When we talk about how harassment is being organized, it is less common to see a famous person put out something that targets an individual on major platforms (unless you are Elon Musk). Where you really see that instead now is on these other platforms like 8chan and Truth and Gab and other platforms that have no content moderation policies. Therefore, it is much easier for people to organize harassment campaigns that affect people in the real world.”
What policymakers can do in the future to solve content moderation problems
Feld: “There are good things and bad things that come from social media. Without social media, we would not have witnessed something like Ferguson and the injustices that are happening within communities. In Iran, even though the government has shut down social media, we are still seeing information about the protests come out. On the other side, we see some countries where governments use social media to commit genocide.
The history of electronic media regulation has some lessons to teach us, but it cannot be definitive. We can’t try to make existing regulations from other sectors work with social media. Social media needs a sector-specific regulator.”
Benavidez: “The role of government should not be to penalize these private companies. If anything, the goal should be to make them more transparent through their mechanisms, encouraging auditing of algorithmic decision-making, and increasing data privacy for users. There are a host of policy recommendations and decisions we can make. It is not through the lens of the government regulating private speech. For congress, real people matter, and we need to understand the ways in which social media has created (and destroyed) communities.”
Nora Benavidez, Senior Counsel and Director of Digital Justice and Civil Rights at Free Press
Nora Benavidez manages the organization's efforts around platform and media accountability to defend against digital threats to democracy. She previously served as the director of PEN America's U.S. Free Expression Programs, guiding the organization's national advocacy agenda on First Amendment and free-expression issues, including press freedom, disinformation defense and protest rights. Nora launched and led PEN America's media literacy and disinformation-defense program. Nora is a civil rights and constitutional lawyer who previously worked in private practice and at the ACLU of Georgia, litigating significant cases representing victims of voting-rights violations, unconstitutional police practices, First Amendment infringements and more. Nora graduated from Emory University School of Law and received her B.A. from New York University's Gallatin School.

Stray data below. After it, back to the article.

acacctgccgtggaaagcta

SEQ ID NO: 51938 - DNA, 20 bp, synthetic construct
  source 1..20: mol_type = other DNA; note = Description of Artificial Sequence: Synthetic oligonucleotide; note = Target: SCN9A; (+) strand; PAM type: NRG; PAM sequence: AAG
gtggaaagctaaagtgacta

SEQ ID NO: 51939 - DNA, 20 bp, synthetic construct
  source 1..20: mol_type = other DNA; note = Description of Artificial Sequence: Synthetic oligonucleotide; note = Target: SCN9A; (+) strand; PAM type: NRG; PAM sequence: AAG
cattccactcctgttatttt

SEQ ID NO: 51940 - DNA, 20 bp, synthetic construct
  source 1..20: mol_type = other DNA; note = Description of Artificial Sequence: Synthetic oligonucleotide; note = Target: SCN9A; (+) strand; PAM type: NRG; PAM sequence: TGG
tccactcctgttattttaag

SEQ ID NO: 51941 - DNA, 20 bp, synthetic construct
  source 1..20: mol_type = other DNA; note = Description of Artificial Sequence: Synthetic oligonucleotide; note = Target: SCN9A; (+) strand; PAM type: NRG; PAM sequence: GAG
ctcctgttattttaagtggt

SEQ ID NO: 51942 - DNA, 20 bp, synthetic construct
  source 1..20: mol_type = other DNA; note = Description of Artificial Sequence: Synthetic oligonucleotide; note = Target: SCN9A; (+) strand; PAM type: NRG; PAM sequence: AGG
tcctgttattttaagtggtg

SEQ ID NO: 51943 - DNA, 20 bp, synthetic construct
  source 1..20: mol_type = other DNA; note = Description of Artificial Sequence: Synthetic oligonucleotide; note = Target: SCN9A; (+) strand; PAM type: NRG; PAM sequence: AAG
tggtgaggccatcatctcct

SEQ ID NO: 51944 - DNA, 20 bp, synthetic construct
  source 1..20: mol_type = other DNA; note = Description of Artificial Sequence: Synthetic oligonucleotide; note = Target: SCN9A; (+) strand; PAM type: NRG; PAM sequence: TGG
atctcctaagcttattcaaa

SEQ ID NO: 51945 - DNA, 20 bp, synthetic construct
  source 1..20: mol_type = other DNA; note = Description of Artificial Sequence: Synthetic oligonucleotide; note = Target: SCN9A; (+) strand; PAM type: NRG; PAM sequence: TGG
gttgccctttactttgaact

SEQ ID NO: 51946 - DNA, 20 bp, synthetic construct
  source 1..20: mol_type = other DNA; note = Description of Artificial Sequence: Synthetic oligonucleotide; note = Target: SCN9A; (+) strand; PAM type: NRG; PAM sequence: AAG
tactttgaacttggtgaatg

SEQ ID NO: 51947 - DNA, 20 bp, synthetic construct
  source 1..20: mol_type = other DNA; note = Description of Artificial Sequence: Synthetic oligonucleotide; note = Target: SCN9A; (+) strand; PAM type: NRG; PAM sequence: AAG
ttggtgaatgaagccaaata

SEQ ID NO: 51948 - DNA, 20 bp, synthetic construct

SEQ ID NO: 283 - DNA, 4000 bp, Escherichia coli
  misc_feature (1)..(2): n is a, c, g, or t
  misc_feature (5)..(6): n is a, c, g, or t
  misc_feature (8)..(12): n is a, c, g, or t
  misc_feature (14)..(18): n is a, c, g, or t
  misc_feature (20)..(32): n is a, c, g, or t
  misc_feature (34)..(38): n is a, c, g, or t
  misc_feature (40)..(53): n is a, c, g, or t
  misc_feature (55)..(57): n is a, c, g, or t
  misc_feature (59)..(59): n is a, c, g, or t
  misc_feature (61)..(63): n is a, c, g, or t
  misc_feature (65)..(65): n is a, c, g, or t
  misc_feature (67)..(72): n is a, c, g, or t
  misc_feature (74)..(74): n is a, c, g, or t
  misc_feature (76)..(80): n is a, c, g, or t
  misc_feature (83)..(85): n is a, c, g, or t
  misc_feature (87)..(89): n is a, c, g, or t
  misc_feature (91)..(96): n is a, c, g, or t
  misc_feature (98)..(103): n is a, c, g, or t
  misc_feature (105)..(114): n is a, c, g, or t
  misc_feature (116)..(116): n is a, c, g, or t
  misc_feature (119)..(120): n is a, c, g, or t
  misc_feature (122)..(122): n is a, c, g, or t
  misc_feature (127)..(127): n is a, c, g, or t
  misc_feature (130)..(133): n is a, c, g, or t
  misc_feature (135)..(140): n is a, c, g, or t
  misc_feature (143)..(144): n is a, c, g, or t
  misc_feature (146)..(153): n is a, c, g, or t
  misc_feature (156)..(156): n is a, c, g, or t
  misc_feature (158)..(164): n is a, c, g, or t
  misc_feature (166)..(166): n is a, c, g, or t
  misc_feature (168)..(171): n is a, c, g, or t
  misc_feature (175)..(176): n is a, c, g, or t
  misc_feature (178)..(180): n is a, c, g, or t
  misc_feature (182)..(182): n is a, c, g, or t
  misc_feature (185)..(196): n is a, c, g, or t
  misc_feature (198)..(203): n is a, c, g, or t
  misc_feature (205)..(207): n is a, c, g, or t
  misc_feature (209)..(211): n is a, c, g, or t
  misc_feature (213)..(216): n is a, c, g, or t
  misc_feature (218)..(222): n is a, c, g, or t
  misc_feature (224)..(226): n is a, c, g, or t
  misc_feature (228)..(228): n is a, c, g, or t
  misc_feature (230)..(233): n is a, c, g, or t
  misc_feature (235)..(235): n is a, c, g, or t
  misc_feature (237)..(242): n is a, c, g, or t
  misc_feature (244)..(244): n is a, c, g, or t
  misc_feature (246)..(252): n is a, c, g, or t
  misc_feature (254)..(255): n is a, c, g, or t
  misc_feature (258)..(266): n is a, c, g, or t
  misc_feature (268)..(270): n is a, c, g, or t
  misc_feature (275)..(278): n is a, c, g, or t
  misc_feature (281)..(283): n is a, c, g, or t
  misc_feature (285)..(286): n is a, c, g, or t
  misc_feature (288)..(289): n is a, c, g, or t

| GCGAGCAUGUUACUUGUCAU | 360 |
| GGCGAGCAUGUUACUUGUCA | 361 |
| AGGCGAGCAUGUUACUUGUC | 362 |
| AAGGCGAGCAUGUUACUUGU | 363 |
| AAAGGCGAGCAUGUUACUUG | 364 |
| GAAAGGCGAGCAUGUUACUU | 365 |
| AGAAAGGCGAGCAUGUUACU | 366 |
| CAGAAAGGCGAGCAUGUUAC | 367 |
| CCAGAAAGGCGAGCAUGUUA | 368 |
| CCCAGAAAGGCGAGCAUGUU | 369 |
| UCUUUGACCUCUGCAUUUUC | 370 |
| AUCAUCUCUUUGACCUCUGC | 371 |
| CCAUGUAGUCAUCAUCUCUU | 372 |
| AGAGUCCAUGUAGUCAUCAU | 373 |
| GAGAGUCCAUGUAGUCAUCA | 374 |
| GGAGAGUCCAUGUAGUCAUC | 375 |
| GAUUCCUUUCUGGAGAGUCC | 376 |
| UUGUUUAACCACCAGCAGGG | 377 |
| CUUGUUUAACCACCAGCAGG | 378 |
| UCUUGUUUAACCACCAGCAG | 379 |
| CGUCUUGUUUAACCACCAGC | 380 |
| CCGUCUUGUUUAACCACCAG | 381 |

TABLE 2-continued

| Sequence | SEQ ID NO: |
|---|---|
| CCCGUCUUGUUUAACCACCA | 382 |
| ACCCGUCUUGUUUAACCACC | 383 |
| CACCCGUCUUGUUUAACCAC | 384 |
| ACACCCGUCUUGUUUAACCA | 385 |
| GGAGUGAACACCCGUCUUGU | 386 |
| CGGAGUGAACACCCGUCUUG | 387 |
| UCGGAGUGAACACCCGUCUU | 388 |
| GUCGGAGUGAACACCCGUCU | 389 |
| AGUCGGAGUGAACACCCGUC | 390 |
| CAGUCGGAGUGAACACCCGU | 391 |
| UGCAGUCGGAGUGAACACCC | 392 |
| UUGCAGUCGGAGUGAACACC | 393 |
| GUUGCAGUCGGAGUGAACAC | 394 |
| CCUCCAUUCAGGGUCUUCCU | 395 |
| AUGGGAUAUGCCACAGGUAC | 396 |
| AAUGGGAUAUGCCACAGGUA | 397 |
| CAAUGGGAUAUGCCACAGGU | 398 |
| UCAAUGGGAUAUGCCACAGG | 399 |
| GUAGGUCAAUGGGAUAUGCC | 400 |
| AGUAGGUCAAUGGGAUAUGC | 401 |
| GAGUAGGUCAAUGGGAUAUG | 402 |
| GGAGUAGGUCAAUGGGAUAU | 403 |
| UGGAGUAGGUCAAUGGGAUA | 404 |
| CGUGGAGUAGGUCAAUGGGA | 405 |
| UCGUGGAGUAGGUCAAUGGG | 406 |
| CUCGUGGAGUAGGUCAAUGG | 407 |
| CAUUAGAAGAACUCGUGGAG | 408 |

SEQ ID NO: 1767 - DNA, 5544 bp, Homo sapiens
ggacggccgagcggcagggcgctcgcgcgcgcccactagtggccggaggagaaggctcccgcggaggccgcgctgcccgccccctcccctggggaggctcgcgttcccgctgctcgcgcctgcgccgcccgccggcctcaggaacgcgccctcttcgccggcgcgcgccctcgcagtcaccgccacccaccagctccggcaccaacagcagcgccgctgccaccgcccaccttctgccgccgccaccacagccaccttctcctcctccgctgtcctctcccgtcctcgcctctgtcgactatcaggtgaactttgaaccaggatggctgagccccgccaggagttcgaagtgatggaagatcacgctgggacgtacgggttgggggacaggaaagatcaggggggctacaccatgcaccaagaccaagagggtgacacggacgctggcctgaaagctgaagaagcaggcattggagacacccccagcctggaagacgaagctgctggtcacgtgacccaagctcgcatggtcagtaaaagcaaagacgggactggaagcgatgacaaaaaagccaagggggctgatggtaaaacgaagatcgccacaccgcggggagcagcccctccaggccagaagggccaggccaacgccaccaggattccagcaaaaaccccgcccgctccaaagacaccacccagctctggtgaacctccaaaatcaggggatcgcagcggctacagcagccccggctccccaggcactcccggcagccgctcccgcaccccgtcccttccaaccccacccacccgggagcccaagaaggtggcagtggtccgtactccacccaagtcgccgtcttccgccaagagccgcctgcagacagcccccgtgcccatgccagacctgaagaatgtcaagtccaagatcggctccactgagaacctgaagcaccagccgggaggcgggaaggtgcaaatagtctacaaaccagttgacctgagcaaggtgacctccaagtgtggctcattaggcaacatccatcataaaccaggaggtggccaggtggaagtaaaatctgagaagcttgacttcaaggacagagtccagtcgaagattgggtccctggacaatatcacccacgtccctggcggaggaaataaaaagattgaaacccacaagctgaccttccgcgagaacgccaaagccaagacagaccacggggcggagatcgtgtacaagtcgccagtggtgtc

Harold Feld, Senior Vice President at Public Knowledge
Harold Feld is Public Knowledge's Senior Vice President and author of "The Case for the Digital Platform Act," a guide to what the government can do to preserve competition and empower individual users in the vast swath of our economy now referred to as "Big Tech." Former FCC Chairman Tom Wheeler described this book as "[…] a tour de force of the issues raised by the digital economy and internet capitalism." For more than 20 years, Feld has practiced law at the intersection of technology, broadband and media policy in both the private sector and the public interest community. Feld also writes "Tales of the Sausage Factory," a progressive blog on media and telecom policy. In 2007, Illinois Senator Dick Durbin praised him and his blog for "[doing] a lot of great work helping people understand how FCC decisions affect people and communities on the ground." Feld has an undergraduate degree from Princeton University, a law degree from Boston University and clerked for the D.C. Court of Appeals.
Philip Napoli, James R. Shepley Distinguished Professor of Public Policy at Duke University
Philip M. Napoli is the James R. Shepley Professor of Public Policy, Director of the DeWitt Wallace Center for Media & Democracy, and Senior Associate Dean for Faculty and Research for the Sanford School. He also serves as a Docent at the University of Helsinki. Professor Napoli's research focuses on media institutions and media regulation and policy. He has provided formal and informal expert testimony to government bodies such as the U.S. Senate, the Federal Communications Commission, the Federal Trade Commission, and the Congressional Research Service. Professor Napoli's research has received awards from the National Business and Economics Society, the Broadcast Education Association, the International Communication Association and the National Communication Association and has been cited in several government proceedings and reports. Napoli received a Ph.D. from Northwestern University, an M.S. from Boston University, and a B.A. from the University of California – Berkeley.